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Talent & Culture

The Flywheel Effect: Tax & accounting firms need to make investment in marketing and talent now to ensure succession success

Natalie Runyon  Director of Enterprise Content and Talent, Culture & Inclusion Strategist in Market Insights for Thomson Reuters

Natalie Runyon  Director of Enterprise Content and Talent, Culture & Inclusion Strategist in Market Insights for Thomson Reuters

With future challenges with firm succession looming industry-wide, tax & accounting firms need to make critical investments in talent & marketing

It is no secret that tax & accounting firms are facing a succession crisis on a number of levels. The percentage of partners who are over 50 years of age has grown to 61% in 2019, up 5 percentage points over the previous decade for firms with revenues greater than $2 million, according to the Rosenberg survey. It is much worse for smaller firms, where that cohort has grown to 72% in 2019 from 58% in 2009.

Compounding this challenge is that tax & accounting firms are facing a shortage of newer talent that will be able to step in and take over key client relationships as the older contingent retires, the Rosenberg survey noted. And many firms lack the number of rainmakers and leaders to drive the firm once that older group retires, says Allan Koltin of Koltin Consulting, adding that this presents a double-whammy for tax & accounting firms’ succession plans.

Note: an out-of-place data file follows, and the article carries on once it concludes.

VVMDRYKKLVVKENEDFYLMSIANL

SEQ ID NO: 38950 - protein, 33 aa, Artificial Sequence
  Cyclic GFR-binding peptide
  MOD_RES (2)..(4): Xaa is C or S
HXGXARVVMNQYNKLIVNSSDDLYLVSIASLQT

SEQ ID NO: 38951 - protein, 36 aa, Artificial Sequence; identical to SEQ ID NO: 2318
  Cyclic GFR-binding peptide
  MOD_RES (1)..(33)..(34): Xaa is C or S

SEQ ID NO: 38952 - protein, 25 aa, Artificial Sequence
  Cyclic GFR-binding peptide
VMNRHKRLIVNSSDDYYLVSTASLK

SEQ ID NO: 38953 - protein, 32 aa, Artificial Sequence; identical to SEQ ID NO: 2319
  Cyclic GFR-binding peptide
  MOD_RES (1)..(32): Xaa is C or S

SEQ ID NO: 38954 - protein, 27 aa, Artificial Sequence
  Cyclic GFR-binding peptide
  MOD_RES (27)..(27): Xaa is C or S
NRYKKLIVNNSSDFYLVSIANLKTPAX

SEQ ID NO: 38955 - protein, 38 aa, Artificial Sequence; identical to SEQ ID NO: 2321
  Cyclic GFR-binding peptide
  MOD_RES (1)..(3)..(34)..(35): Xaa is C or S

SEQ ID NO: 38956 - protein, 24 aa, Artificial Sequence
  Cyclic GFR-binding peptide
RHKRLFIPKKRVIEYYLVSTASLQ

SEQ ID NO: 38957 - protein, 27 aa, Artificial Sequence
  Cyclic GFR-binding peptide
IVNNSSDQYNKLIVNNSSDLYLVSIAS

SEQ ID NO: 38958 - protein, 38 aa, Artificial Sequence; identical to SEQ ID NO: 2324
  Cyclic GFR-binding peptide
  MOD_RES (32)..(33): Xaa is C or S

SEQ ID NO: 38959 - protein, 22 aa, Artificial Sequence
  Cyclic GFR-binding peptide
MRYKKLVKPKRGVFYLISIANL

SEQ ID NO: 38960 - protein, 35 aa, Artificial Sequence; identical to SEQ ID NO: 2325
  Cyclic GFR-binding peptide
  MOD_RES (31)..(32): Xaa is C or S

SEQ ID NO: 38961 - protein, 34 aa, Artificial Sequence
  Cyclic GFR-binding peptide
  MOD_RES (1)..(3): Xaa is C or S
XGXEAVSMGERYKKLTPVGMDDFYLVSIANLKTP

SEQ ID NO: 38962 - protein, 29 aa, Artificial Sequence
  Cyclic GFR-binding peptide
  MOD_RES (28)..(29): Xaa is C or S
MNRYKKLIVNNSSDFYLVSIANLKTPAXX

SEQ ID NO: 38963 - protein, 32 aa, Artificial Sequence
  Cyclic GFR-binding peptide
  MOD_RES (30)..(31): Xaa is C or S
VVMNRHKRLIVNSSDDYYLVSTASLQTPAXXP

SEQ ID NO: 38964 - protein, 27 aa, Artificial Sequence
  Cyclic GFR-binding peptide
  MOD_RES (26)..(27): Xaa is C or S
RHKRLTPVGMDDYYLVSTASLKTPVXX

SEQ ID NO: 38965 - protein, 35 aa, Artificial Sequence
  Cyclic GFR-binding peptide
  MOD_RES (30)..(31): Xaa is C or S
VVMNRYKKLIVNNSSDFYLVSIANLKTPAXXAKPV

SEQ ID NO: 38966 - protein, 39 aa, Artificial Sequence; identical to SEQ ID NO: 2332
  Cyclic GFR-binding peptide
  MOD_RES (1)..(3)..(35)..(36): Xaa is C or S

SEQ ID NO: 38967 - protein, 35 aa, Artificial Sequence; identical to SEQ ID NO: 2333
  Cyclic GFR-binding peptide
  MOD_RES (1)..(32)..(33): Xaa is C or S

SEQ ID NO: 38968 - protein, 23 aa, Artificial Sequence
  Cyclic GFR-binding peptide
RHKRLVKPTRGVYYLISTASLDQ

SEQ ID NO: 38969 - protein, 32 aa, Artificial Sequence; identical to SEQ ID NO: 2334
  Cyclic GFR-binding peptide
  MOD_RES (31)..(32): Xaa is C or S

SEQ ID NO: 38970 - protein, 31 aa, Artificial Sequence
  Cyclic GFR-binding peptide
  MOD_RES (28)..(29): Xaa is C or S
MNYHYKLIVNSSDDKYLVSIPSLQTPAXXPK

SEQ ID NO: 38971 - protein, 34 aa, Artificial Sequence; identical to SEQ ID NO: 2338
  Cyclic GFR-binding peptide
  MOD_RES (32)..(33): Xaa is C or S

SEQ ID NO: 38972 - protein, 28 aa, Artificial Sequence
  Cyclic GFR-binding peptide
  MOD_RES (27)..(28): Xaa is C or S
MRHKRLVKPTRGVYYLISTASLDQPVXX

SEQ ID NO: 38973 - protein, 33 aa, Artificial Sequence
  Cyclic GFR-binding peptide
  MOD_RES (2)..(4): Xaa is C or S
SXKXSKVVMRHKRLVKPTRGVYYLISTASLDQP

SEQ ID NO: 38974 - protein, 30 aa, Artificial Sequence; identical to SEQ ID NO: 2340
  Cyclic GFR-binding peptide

The good news for these firms is that there is still time to take action by making some intentional planning and investing in intersecting activities around marketing and talent development. To invest appropriately in marketing, firms needs to understand their current employees’ collective skill levels and then determine what skillsets they need to address and plan accordingly.

Doing so creates a so-called flywheel effect on the return on investments in both categories. Several such actions include:

Invest in business development among your talent — Honing business development skills for the next generation of leaders at the firm is one of the best investments firms can make. Important business development tasks such as reaching out to existing clients or getting in front of new customers initially require different skills. For younger accounting professionals, improving their relationship management skills is crucial. They need to learn how to ask the right questions, identify potential new business opportunities, and position themselves to gain the business.


The good news for these firms is that there is still time to take action by making some intentional planning and investing in intersecting activities around marketing and talent development.


Separately, firms may identify different professionals who may have excellent public speaking and writing skills, but cannot speak the client’s language in order to adequately describe how the firm could solve the client’s problem. Because this challenge involves so many different skillsets, firms may need to acquire this expertise by hiring individuals for full-time business development and sales roles.